Pediatric opioid use‐associated neurotoxicity with cerebellar edema (POUNCE) syndrome
Citation, DOI, disclosures and article data
At the time the article was created Francis Deng had no recorded disclosures.View Francis Deng's current disclosures
At the time the article was last revised Yahya Baba had no recorded disclosures.View Yahya Baba's current disclosures
Pediatric opioid use‐associated neurotoxicity with cerebellar edema (POUNCE) syndrome is a toxic encephalopathy in children with opioid overdose that features prominent cerebellar edema. Cerebellar predominance, along with variable supratentorial involvement, appears to be a distinct pattern of opioid neurotoxicity in children 1,2. However, it is likely part of a pathophysiologic spectrum that also includes adult cases of chasing the dragon leukoencephalopathy (which occurs specifically after heroin vapor inhalation) and cerebellar edema (cerebellar, hippocampal, and basal nuclei transient edema with restricted diffusion (CHANTER) syndrome).
On this page:
About 20 cases in the English literature have been reported as of 2020 1.
Affected children are usually accidentally exposed to prescription or illicit opioids 1. They present with respiratory depression and decreased level of consciousness 1. Other common clinical findings include mutism and ataxia 1.
Imaging shows bilateral cerebellar edema and a variable degree/distribution of supratentorial white matter lesions (hyperintense on T2-weighted MRI, hypodense on CT) 1-7. Diffusion restriction has been reported in some cases 2,5-7.
Mass effect can result in hydrocephalus and tonsillar herniation.
- 1. Kim DD, Prasad AN. Clinical and radiologic features of pediatric opioid use-associated neurotoxicity with cerebellar edema (POUNCE) syndrome. (2020) Neurology. 94 (16): 710-712. doi:10.1212/WNL.0000000000009293 - Pubmed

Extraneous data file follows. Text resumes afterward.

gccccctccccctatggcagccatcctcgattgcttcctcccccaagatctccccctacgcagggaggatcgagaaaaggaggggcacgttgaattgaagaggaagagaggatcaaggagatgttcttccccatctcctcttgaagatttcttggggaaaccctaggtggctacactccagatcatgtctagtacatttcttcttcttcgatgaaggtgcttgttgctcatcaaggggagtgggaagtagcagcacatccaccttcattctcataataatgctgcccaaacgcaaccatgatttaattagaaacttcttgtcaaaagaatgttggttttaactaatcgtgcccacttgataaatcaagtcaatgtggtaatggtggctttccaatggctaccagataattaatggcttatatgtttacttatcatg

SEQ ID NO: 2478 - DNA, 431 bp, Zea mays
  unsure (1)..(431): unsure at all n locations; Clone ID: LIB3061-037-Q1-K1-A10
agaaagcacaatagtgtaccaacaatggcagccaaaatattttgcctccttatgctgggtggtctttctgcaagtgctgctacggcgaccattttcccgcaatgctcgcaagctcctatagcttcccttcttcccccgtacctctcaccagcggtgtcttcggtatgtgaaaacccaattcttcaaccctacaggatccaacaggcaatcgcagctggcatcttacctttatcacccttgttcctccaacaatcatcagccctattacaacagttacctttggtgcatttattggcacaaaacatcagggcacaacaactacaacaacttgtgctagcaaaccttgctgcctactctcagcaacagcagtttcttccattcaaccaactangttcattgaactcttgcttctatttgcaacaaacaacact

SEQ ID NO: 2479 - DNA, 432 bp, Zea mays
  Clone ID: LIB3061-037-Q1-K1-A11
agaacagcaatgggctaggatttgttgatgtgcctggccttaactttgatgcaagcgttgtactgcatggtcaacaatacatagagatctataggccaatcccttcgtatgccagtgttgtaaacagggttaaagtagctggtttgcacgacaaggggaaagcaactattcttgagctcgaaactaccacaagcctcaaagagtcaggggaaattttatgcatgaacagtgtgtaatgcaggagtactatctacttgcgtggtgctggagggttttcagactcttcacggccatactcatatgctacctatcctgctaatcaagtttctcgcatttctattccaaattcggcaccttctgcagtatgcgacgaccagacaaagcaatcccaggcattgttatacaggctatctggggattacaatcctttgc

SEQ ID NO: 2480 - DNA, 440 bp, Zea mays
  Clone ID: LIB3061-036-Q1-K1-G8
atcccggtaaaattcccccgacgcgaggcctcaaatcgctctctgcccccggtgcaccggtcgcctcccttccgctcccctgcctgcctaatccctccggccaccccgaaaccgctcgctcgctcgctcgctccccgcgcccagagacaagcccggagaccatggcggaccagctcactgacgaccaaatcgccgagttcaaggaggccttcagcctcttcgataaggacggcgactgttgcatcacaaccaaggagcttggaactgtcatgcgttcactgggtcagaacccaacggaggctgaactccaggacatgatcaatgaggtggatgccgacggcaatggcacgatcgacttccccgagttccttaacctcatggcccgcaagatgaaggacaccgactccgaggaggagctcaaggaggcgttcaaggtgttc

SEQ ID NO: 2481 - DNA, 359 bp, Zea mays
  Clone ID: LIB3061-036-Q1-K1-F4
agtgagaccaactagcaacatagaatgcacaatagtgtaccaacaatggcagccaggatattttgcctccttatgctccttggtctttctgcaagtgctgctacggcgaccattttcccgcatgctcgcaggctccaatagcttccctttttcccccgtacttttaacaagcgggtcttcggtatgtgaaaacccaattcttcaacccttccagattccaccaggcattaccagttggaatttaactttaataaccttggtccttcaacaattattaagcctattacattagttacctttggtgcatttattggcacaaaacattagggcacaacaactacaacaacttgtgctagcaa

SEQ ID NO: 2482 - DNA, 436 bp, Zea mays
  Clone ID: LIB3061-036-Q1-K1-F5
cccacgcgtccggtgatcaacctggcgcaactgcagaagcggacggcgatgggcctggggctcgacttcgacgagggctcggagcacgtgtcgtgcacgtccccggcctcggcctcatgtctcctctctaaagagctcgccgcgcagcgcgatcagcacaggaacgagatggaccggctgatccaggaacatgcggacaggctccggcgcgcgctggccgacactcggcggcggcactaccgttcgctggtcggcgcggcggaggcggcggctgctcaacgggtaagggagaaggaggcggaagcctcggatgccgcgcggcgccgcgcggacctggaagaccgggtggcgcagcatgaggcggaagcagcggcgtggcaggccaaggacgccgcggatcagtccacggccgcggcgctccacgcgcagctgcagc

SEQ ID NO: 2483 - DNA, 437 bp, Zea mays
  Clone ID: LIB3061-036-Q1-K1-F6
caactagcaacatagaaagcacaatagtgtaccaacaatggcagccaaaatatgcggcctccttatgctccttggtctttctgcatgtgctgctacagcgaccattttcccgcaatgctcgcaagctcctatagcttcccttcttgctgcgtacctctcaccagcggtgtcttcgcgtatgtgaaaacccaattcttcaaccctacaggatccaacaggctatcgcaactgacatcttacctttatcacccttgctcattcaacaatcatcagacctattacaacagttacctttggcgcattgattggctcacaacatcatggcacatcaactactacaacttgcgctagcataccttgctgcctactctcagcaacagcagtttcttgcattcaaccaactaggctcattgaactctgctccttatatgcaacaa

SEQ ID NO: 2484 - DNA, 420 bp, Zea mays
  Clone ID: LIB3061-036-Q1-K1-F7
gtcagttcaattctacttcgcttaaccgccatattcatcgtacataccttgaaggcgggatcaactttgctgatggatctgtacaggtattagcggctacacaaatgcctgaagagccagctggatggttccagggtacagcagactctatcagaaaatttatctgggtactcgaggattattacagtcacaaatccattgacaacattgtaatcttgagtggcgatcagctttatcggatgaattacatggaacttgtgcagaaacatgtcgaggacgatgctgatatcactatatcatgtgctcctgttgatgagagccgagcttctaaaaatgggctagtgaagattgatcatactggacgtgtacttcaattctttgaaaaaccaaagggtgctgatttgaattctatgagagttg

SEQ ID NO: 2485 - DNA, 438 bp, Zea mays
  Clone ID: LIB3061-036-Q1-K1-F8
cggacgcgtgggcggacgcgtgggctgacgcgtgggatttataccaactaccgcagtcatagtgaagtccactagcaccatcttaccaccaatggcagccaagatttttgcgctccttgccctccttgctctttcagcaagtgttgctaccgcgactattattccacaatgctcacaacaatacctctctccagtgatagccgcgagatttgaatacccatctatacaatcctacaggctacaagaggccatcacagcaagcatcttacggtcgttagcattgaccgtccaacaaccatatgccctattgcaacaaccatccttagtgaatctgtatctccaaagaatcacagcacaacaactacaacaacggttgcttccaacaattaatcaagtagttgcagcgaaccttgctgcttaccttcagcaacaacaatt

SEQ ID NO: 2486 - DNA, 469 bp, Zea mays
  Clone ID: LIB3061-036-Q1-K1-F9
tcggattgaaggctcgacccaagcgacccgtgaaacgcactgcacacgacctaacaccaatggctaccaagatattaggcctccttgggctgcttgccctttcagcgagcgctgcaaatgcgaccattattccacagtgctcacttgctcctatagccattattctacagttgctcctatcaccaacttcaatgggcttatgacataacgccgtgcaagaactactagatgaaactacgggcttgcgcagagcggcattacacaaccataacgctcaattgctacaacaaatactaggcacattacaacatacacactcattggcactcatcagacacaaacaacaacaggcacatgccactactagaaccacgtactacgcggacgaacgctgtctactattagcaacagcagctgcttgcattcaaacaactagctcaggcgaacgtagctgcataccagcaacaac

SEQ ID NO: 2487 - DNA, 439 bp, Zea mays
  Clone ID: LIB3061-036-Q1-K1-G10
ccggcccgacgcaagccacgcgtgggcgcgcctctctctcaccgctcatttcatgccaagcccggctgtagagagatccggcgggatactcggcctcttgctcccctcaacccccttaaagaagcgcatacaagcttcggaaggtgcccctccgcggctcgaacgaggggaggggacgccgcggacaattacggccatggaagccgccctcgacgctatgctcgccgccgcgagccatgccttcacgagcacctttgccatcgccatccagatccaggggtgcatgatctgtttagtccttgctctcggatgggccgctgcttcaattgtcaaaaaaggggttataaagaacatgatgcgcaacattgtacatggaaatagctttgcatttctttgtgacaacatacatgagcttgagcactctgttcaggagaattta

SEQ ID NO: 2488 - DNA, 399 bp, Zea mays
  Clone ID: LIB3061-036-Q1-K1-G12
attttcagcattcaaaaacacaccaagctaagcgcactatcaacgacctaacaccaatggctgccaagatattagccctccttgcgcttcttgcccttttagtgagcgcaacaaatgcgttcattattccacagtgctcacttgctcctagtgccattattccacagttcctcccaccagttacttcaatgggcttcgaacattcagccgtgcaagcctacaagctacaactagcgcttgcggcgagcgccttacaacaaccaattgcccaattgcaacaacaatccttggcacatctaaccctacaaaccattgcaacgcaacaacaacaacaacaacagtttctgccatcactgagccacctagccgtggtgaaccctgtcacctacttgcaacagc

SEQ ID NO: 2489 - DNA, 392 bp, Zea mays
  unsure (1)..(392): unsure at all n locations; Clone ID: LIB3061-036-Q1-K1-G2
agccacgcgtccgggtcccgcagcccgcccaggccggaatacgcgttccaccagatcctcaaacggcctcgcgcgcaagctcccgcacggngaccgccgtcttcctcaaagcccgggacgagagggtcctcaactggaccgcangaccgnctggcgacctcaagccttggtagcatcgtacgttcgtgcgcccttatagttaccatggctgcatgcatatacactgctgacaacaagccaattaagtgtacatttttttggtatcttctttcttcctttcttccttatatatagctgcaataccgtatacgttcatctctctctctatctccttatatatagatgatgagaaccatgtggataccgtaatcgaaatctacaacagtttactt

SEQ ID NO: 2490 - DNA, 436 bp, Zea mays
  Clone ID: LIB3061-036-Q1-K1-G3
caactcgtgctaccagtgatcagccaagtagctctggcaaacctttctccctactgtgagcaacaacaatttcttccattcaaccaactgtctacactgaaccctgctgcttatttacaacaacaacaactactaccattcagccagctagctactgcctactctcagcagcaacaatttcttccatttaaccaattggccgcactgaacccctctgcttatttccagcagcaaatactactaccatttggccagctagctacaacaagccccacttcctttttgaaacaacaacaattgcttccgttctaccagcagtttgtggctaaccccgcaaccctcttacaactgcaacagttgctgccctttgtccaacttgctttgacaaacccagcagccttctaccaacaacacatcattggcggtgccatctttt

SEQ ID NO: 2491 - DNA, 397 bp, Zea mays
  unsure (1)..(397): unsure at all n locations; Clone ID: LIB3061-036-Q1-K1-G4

- 2. Duran D, Messina RD, Beslow LA, Montejo JD, Karimy JK, Gavankar Furey C, Sheridan AD, Sze G, Yarman Y, DiLuna ML, Kahle KT. Malignant Cerebellar Edema Subsequent to Accidental Prescription Opioid Intoxication in Children. (2017) Frontiers in neurology. 8: 362. doi:10.3389/fneur.2017.00362 - Pubmed
- 3. Nanan R, von Stockhausen HB, Petersen B, Solymosi L, Warmuth-Metz M. Unusual pattern of leukoencephalopathy after morphine sulphate intoxication. (2000) Neuroradiology. 42 (11): 845-8. doi:10.1007/s002340000442 - Pubmed
- 4. Riascos R, Kumfa P, Rojas R, Cuellar H, Descartes F. Fatal methadone intoxication in a child. (2008) Emergency radiology. 15 (1): 67-70. doi:10.1007/s10140-007-0627-8 - Pubmed
- 5. Shrot S, Poretti A, Tucker EW, Soares BP, Huisman TA. Acute brain injury following illicit drug abuse in adolescent and young adult patients: spectrum of neuroimaging findings. (2017) The neuroradiology journal. 30 (2): 144-150. doi:10.1177/1971400917691994 - Pubmed
- 6. Chen CH, Mullen AJ, Hofstede D, Rizvi T. Malignant cerebellar edema in three-year-old girl following accidental opioid ingestion and fentanyl administration. (2019) The neuroradiology journal. 32 (5): 386-391. doi:10.1177/1971400919863713 - Pubmed
- 7. Tiong SC, Chieng JSL, Khoo HW, Ng CH. Methadone-induced Toxic Encephalopathy In Pediatric Patients: Two Case Reports. (2019) Journal of radiology case reports. 13 (5): 1-9. doi:10.3941/jrcr.v13i5.3658 - Pubmed